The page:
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When success doesn’t equal satisfaction

Just 115 advisers – 3% of the total adviser population – were responsible for 25% of all new life and risk business in the last financial year, and that top 3% were also the least satisfied with their insurance providers

Wednesday, August 31st 2011, 9:00AM 4 Comments

by Benn Bathgate

The inaugural Beaton IFA Classification 2011 survey combined the adviser databases from all the country’s insurance providers to create a comprehensive snapshot of the insurance advice sector between April 1 2010 and March 31, 2011.

“We knew from the market perspective how much new business each adviser had placed across the industry, how big their lapses were and the size of the book at the beginning of the year and the end of the year,” said Beaton director of research Rebecca Sheils.

The survey then divided the advisers up into four groups, A, B, C and D, each contributing 25% of new business revenue.

“In the A segment the top advisers, 115 advisers, 3% of the total adviser population, contributed 25% of new business revenue. The B advisers, 258, 7% of the adviser population, again contributed 25%. C advisers, 514, 13% of the adviser population and the D advisers, 2928, 77% of the adviser population.”

Sheils said the survey also profiled each sector individually, finding the top A and B ranked advisers dealt almost exclusively in life and risk products, while the C’s and D’s tended to be 70% life and risk, the remaining 30% of their business being health, wealth and mortgages.

Sheils said the survey was also able to identify some common factors among the top ranked advisers. “These A advisers tend to be top notch advisers, we’ve got the highest proportion who are AFAs, the highest proportion who are qualified, almost all of them are members of an industry association and most of them belong to a network dealership.”

Other factors Sheils said the A advisers tended to share was a focus on their professional lives, their individual brands and their reputations. They also tended to be non-aligned and with a greater focus on education. “They’re the ones going out getting qualified, they’re the ones that don’t need to be qualified to do what they do.”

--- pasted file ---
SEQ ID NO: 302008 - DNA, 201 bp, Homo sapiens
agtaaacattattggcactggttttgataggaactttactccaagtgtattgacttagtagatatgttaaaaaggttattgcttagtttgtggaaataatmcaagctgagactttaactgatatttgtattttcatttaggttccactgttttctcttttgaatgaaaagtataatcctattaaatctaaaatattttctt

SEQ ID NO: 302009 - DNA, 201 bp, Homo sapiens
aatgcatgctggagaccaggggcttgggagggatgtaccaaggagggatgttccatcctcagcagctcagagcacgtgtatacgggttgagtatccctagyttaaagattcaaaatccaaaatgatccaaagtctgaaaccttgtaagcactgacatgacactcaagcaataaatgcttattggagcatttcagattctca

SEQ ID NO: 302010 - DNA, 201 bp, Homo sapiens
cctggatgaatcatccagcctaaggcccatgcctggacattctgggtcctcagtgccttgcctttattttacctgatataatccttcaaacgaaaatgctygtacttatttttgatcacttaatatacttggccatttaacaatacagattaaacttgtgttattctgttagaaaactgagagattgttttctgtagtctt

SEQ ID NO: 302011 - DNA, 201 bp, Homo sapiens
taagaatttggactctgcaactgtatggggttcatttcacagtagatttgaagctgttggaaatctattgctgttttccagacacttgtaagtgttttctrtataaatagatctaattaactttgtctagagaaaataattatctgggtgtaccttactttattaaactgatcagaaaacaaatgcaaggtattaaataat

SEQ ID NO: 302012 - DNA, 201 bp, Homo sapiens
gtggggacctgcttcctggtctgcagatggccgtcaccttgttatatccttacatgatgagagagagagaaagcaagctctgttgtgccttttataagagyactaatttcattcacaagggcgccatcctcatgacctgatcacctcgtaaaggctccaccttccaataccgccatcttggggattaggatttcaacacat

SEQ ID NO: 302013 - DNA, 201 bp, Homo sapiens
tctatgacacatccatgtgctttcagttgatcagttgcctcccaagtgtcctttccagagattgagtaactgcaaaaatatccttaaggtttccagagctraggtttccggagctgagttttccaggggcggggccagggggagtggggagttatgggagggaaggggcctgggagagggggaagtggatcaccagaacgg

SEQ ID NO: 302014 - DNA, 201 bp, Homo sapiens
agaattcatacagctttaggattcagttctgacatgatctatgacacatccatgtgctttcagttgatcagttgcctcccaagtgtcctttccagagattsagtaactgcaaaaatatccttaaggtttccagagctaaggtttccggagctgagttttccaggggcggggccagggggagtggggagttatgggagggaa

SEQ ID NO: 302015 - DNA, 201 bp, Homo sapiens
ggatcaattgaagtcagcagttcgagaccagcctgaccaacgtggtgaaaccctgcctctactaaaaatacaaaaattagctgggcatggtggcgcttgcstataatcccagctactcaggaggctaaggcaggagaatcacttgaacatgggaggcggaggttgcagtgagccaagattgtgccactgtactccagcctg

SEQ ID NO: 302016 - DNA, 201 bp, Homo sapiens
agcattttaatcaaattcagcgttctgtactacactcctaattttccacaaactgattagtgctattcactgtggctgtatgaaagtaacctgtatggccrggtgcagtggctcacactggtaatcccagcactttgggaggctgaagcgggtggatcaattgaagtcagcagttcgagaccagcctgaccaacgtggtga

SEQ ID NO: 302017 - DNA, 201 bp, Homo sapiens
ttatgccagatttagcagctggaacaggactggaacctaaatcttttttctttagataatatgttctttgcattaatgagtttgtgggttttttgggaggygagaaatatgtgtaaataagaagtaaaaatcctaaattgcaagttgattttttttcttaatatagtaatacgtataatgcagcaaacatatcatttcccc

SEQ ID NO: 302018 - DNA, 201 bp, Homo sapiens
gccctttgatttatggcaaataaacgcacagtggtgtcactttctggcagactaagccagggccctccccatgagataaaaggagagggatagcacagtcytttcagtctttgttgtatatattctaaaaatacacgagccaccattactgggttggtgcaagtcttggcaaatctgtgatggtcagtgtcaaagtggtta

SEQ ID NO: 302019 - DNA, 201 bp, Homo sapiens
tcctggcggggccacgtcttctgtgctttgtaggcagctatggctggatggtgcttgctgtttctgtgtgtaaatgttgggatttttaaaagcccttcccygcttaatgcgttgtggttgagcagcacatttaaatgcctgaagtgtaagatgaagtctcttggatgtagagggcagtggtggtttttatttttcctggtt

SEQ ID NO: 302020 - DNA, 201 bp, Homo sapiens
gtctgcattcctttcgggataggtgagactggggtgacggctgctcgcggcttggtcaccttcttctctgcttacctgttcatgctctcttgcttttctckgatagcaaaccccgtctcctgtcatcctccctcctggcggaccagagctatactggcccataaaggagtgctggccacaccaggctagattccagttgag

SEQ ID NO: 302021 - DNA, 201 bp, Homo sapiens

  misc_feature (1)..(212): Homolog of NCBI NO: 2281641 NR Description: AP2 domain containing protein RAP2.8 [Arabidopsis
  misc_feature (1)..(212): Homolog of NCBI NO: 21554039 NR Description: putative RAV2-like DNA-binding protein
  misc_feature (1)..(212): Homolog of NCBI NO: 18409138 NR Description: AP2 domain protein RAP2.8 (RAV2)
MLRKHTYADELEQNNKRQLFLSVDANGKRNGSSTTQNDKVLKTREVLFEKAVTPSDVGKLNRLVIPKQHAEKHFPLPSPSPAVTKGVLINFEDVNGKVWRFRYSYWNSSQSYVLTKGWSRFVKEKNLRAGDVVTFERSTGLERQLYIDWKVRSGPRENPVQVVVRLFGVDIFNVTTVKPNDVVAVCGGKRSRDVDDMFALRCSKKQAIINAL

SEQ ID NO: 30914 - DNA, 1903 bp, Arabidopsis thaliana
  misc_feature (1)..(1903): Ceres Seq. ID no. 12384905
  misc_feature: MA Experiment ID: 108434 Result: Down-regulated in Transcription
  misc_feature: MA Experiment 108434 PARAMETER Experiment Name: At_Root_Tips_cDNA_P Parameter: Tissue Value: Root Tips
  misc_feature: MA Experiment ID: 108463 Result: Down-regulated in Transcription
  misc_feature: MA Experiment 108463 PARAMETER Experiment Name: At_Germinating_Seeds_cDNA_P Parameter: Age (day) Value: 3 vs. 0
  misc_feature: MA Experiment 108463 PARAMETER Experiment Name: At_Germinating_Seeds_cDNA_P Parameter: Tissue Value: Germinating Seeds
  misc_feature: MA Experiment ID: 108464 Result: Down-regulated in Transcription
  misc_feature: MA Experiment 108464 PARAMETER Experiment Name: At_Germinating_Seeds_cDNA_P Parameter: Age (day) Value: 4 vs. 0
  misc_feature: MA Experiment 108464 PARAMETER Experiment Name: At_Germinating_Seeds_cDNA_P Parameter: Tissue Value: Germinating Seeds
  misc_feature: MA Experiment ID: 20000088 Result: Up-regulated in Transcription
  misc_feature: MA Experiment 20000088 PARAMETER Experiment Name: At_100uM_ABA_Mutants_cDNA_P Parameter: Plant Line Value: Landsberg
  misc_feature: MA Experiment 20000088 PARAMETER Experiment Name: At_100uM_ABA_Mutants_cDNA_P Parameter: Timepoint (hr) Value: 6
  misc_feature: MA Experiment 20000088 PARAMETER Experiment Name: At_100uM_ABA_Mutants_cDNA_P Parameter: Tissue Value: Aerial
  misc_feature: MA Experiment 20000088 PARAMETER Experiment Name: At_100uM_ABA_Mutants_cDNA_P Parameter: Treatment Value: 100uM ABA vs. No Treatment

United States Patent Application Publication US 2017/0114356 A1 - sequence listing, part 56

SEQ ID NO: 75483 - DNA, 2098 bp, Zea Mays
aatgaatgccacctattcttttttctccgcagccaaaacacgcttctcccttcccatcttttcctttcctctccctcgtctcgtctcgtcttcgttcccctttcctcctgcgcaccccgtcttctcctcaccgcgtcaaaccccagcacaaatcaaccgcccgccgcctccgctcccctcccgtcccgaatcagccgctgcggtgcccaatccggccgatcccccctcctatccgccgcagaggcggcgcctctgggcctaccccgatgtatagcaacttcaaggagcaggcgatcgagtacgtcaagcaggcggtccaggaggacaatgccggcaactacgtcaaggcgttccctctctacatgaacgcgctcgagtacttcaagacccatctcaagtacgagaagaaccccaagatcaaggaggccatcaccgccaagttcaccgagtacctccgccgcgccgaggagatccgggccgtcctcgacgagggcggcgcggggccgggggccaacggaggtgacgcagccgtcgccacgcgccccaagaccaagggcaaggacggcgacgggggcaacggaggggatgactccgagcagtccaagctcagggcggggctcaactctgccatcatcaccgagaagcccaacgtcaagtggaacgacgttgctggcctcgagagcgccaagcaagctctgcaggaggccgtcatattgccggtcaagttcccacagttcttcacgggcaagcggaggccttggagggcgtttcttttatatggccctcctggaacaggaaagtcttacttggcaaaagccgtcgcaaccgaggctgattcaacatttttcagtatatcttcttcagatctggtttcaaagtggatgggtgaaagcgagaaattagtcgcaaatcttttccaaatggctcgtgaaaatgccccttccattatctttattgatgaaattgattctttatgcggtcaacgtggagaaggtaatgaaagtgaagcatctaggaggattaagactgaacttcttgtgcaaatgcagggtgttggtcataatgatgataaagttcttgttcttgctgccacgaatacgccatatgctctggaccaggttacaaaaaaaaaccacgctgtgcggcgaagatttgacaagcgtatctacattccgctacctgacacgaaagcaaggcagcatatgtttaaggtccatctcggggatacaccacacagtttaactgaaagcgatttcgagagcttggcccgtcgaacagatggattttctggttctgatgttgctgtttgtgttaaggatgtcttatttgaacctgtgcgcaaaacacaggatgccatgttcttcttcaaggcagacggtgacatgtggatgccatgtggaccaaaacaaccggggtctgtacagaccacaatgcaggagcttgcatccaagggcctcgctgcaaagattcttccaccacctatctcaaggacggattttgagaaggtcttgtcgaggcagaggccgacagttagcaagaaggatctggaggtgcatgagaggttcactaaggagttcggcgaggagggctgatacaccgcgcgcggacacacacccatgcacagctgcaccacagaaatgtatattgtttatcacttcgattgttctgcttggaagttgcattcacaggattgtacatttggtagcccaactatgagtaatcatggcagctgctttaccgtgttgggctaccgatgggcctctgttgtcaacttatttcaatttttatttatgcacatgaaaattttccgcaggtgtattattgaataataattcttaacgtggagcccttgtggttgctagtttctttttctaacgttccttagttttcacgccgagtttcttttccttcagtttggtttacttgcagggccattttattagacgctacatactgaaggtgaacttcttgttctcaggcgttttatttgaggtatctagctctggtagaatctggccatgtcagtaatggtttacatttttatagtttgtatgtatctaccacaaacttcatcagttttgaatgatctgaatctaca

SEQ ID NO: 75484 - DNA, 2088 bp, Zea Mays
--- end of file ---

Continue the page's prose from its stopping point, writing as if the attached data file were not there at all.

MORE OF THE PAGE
Worryingly for providers, this top echelon of advisers was also the least satisfied with the service they receive. “They tend to have high expectations in terms of service,” said Sheils. “Probably because they’re providing top-notch service themselves, they’re quality individuals, so they have a very high standard regarding the service they receive.”  

Benn Bathgate is a business reporter for ASSET and Good Returns, email story ideas to benn@goodreturns.co.nz

« Insurers’ consider adviser cull over persistency fears Life insurance payouts hit new $1 billion high »

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Comments from our readers

On 1 September 2011 at 10:38 am Graeme Lindsay said:
Whist I am no longer a full-time life and health insurance adviser, I am aghast at the first two paragraphs of this article!!!

If, as it suggests, the insurers have disclosed individual advisers' annual production, size of book at start and end of year and persistency rate to Beaton, I suggest that there has been a colossal breach of confidence by the insurers!

I invite them to deny that this unauthorised disclosure has taken place, or to issue a serious apology and consider compensation!
On 1 September 2011 at 12:48 pm Hugh P T said:
I could not agree with G.L. more. The Professional Bodies have been conspicuously silent have some explaining to do to justify their existence.
On 2 September 2011 at 7:07 am Ron Flood said:
Why is it that every time a sensitive issue arises someone demands that Professional Bodies make a comment to "justify their existence".

Hugh, if you don't want to belong to a Professional Body, don't.If you do belong to one then resign as other members will be better for not having your negative influence. I personally belong to two bodies and to me,the value I receive from both already justifies their existence.

Graeme,I agree with you that this is a serious breach of trust by all insurers. They would have had to give the personal details of each individual adviser who participated in the survey in order to match an individuals personal production with each company.

As a result of these actions, I will no longer take part in the survey's and I suggest that other advisers seriously consider their stance in future.

On 7 September 2011 at 11:03 am Warren Duff said:
Like Graeme L I have been around for a long time so it wasnt hard for me to find the clause in the proposal declaration which is signed by the insured or owner. "I acknowledge that the personal information collected and held by (name of insurer) is provided and may be held, used and disclosed by (insurer) etc etc. I cannot see where such personal information can be submitted to another party such as research organisations so based on the story so far the insurers have acted Ultra Vires.
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